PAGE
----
“This service enabled us to respond more than 10 times faster than we could have if we had needed to deploy additional physical servers to support the increased workloads. What would have taken eight weeks took five days, because no additional hardware was required.

“We were able to keep learning and operations as close to business as usual as possible, even in the face of unprecedented challenges. A lot of people wish they had a deployment like this stood up when the pandemic started.”

ZOZO Technologies, Inc supports the R&D and IT operations of ZOZO Inc., including Japan’s largest online fashion shopping website, ZOZOTOWN, which the company says offers more than 7,600 brands and 3,000 new items per day for purchase online.

Nobuhiko Watanabe, Team Leader, Development Division of ZOZO Technologies, said, “We experience a huge surge in shopping traffic to our website, sometimes more than three to four times the usual traffic on an average day, during seasonal sales.

“This meant we needed to scale up our IT infrastructure very quickly to ensure a smooth and seamless online retail experience for our customers and over 1,300 store owners. VMware was successful in scaling up to 100 hosts on-demand through VMware Cloud on AWS during the 2019-2020 Christmas / New Year sales period.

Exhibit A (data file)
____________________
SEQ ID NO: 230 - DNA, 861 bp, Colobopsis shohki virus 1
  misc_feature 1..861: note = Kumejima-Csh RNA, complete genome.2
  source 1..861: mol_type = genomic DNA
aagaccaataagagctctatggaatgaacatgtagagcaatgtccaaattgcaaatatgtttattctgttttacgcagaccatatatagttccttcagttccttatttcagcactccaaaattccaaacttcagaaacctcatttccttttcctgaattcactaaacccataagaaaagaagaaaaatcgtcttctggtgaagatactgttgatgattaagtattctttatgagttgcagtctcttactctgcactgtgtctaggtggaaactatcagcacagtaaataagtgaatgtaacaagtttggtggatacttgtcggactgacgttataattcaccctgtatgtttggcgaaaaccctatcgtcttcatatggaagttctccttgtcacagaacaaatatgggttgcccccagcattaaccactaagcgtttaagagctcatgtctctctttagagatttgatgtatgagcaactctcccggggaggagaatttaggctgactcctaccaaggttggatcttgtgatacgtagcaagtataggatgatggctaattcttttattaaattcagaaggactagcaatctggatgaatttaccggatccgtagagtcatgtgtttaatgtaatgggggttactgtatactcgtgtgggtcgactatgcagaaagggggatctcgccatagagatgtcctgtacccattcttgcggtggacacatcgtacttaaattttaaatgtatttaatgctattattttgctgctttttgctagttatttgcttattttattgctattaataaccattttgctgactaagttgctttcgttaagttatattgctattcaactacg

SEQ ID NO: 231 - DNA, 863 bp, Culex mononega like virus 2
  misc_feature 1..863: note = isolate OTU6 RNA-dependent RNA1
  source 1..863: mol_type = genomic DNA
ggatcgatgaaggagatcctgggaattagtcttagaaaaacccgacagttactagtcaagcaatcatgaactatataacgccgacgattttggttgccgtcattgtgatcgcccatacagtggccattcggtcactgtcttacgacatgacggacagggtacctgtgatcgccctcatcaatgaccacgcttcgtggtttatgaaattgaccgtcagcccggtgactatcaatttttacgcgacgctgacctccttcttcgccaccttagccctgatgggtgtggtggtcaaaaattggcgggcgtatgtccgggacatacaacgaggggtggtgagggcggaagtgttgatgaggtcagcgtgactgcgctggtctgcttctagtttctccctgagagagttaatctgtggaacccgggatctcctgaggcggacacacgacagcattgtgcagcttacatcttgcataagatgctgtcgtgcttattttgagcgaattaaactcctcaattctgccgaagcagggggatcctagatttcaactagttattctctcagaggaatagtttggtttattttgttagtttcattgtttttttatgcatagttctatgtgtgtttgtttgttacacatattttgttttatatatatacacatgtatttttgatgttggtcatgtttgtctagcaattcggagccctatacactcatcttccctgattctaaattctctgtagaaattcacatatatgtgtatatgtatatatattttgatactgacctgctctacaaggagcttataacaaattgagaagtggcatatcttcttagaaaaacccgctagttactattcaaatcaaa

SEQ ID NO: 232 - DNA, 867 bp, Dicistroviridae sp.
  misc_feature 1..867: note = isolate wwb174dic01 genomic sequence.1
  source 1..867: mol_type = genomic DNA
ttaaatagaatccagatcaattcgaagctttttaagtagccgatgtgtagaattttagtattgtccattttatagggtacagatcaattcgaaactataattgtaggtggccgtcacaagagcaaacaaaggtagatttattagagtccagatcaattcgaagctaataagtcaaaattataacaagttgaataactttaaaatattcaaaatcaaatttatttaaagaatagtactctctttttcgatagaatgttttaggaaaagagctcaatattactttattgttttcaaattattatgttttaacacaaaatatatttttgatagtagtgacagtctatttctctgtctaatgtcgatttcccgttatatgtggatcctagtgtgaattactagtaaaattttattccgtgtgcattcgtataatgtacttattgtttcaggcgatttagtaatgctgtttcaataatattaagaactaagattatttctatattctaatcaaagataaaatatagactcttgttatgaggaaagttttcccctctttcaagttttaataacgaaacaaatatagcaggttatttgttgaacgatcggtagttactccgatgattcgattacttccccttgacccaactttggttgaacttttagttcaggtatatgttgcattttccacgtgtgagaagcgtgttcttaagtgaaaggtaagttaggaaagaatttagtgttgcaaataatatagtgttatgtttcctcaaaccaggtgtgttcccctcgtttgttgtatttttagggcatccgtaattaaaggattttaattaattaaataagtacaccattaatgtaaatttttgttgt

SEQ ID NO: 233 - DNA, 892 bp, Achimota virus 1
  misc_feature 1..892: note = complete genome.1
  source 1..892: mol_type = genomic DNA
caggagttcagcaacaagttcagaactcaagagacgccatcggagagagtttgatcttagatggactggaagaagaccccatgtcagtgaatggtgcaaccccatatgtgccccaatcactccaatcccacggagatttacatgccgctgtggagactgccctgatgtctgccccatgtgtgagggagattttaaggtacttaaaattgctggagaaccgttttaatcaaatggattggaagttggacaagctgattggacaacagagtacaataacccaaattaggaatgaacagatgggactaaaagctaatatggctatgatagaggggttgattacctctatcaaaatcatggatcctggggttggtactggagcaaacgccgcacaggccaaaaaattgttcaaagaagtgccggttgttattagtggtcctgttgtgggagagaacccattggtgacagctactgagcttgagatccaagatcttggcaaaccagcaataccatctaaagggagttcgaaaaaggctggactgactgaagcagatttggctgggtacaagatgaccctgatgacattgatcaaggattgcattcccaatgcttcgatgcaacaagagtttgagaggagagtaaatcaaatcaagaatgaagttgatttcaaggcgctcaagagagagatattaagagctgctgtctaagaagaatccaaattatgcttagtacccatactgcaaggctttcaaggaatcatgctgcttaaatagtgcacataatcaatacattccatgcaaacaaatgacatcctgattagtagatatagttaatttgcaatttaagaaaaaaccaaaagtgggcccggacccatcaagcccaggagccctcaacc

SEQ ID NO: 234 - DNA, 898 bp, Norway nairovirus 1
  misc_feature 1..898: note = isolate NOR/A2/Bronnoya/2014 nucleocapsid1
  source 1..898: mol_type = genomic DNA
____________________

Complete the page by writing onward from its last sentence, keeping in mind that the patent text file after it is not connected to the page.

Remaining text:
“During the COVID19 quarantine and summer sales event this year, there was an increase in traffic, but we achieved similar success, despite our teams working entirely from home. With VMware Cloud on AWS, we were able to scale up hosts easily and without any disruption.

“Both successes demonstrate the power of a consistent cloud infrastructure and operations to enable our business to scale on demand and help meet business continuity requirements.”

2020: The year of increased attack sophistication